The activities of the crews on the train are coordinated by the railroad engineer/conductor. Conductors are assigned to freight trains and review the schedules, switching orders, waybills and records for shipping to get the cargos loading and unloading information. The railroad conductor is also responsible for distributing the weight throughout the train, operating freight cars in the yards and the terminals that utilize the technology of remote control.

When the railroad conductor is assigned to a passenger car they have to ensure the safety of the passengers and make sure that they are comfortable. They also collect the tickets and payment while making announcements about things that affect the passengers and make sure the crew is doing what they are supposed to do ensuring everything stays on schedule.

The railroad engineer and railroad conductor will talk about any concerns they have pertaining to the train before it leaves the station; these concerns include the route, destination times and what the train is carrying. Both the engineer and the conductor will use electronic monitoring equipment, the personnel of the traffic control center, dispatchers and workers on other trains to give and get the information they need regarding the train and its route.

The railroad engineer will interpret the orders, signals, speed limits, rules and regulations regarding the train in order to comply with them. The railroad conductor will send information about problems with equipment on the rails or the train with the use of both electronic monitoring devices and the dispatch. The conductor will make sure any defective cars are taken from the train to be fixed and help to come up with alternative routes in the event the need arises.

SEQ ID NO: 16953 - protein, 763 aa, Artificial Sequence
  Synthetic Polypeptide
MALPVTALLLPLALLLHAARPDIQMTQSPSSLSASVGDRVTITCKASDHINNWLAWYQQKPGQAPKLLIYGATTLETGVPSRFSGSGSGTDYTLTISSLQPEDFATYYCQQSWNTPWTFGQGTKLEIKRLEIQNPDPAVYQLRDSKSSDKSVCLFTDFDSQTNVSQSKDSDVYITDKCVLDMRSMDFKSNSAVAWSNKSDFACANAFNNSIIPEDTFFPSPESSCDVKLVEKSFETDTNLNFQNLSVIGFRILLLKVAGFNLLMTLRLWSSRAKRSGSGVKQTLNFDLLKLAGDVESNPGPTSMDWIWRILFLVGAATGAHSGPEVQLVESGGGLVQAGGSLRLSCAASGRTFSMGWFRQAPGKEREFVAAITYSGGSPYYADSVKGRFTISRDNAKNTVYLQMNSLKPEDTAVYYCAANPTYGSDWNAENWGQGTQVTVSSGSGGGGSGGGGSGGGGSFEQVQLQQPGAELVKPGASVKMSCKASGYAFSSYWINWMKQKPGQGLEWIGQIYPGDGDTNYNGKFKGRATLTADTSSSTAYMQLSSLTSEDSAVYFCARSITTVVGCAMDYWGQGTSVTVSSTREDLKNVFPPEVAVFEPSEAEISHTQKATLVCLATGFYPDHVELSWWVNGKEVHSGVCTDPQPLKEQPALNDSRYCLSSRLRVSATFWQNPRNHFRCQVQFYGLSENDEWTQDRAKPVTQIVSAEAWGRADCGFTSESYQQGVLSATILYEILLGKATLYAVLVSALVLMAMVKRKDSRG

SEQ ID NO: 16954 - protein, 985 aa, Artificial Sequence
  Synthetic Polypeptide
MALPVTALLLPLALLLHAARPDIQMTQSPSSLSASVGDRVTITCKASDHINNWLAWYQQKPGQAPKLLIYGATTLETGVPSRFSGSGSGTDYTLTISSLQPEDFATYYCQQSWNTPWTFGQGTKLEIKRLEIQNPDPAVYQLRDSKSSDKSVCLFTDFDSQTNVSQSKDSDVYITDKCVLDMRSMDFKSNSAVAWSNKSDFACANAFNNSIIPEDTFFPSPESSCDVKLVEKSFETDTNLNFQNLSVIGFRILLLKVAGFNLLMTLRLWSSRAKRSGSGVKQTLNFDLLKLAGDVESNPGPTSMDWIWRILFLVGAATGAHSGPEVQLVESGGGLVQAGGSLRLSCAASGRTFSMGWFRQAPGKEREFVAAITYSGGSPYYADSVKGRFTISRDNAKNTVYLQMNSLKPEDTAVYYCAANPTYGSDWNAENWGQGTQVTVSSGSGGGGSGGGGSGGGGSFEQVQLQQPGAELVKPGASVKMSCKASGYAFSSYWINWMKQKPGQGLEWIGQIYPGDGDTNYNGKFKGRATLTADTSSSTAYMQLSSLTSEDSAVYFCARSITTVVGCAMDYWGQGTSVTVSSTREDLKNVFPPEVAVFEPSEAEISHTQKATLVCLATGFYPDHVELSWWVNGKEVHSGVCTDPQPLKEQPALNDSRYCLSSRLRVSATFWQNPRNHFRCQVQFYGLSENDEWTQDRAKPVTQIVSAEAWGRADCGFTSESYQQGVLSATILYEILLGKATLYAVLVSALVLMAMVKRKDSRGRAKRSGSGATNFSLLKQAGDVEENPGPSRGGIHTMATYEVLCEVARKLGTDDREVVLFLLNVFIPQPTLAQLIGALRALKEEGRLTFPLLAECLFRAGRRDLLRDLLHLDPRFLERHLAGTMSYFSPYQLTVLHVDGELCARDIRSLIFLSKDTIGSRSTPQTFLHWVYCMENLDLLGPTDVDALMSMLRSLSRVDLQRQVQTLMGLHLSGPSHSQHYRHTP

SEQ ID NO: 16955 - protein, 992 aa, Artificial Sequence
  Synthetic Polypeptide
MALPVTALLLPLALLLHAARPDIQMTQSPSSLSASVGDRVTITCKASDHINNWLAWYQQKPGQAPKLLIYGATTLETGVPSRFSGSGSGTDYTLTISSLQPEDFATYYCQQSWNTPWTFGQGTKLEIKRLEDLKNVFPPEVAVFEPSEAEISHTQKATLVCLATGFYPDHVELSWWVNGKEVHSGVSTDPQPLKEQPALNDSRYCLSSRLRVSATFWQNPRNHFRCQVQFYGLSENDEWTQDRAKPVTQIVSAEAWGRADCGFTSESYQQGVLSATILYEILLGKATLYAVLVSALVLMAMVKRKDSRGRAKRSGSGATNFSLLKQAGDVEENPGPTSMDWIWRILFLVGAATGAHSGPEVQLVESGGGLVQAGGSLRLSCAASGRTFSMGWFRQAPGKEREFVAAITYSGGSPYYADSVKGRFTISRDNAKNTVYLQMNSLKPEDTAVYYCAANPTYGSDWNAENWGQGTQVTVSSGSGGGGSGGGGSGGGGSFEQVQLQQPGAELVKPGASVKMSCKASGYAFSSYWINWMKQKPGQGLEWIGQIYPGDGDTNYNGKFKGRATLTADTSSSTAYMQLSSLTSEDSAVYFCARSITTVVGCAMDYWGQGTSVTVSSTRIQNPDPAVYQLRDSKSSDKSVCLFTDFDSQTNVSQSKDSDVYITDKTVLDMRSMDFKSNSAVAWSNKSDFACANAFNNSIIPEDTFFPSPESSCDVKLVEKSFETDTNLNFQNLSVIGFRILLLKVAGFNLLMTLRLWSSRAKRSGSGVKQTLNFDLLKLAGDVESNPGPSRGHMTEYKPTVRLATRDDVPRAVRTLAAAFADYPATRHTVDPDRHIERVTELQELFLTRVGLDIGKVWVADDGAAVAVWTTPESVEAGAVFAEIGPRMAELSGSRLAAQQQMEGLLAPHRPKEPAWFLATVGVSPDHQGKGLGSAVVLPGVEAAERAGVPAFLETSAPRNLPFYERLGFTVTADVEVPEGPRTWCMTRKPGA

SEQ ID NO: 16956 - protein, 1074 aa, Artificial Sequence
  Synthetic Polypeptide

What skills or qualities do I need to become a Railroad Engineer?

A railroad engineer/conductor must have good eyesight, full color vision and excellent hearing. They must also possess good hand eye coordination, manual dexterity and a mechanical aptitude. There is also a need for physical stamina and the person applying for the job must be at least twenty-one years old. Applicants should be in good health and posses not only adequate skills in communication but have the ability to make judgments fast and accurately.

Those entering into the field of railroad engineer/conductor will also be required to pass both initial screenings for alcohol and drugs as well as random tests while on duty as defined by federally set regulations.

How much does a Railroad Engineers make?

In 2006 the salaries for these railroad engineer/conductors was $47,000 annually. The median hourly wage for a locomotive engineer was at $27.88 in 2006 while railroad conductors and yard masters averaged $26.70.

The majority of workers in the railroad transportation industry are paid by the number of miles they travel or how many hours they work. The determination is made by which figure is higher.

Who are some influential professionals in this field?

William W. Hay was influential in this field as a Professor of Railway Civil Engineering at the University of Illinois.

What are some leading organizations in this field?

The Association of American Railroads located in Washington D.C is among the leading organizations in the field of railroad transport. Information regarding the opportunities for careers in the field of railroad engineer can be obtained from the Brotherhood of Locomotive Engineers and Trainmen located in Cleveland, OH while those seeking information about the field of railroad conducting can contact the United Transportation Union in Cleveland, OH.

What are the top cities for Railroad Engineering jobs?

The outlook for jobs in the rail transportation industry is expected to see few changes up until 2016 and there are expected to be ample opportunities for those that are qualified to fill these positions. Due to the large number of railways Rochester, NY appears to be the best place for railroad engineering/conducting jobs followed by Oakbrook, IL and New Orleans, LA.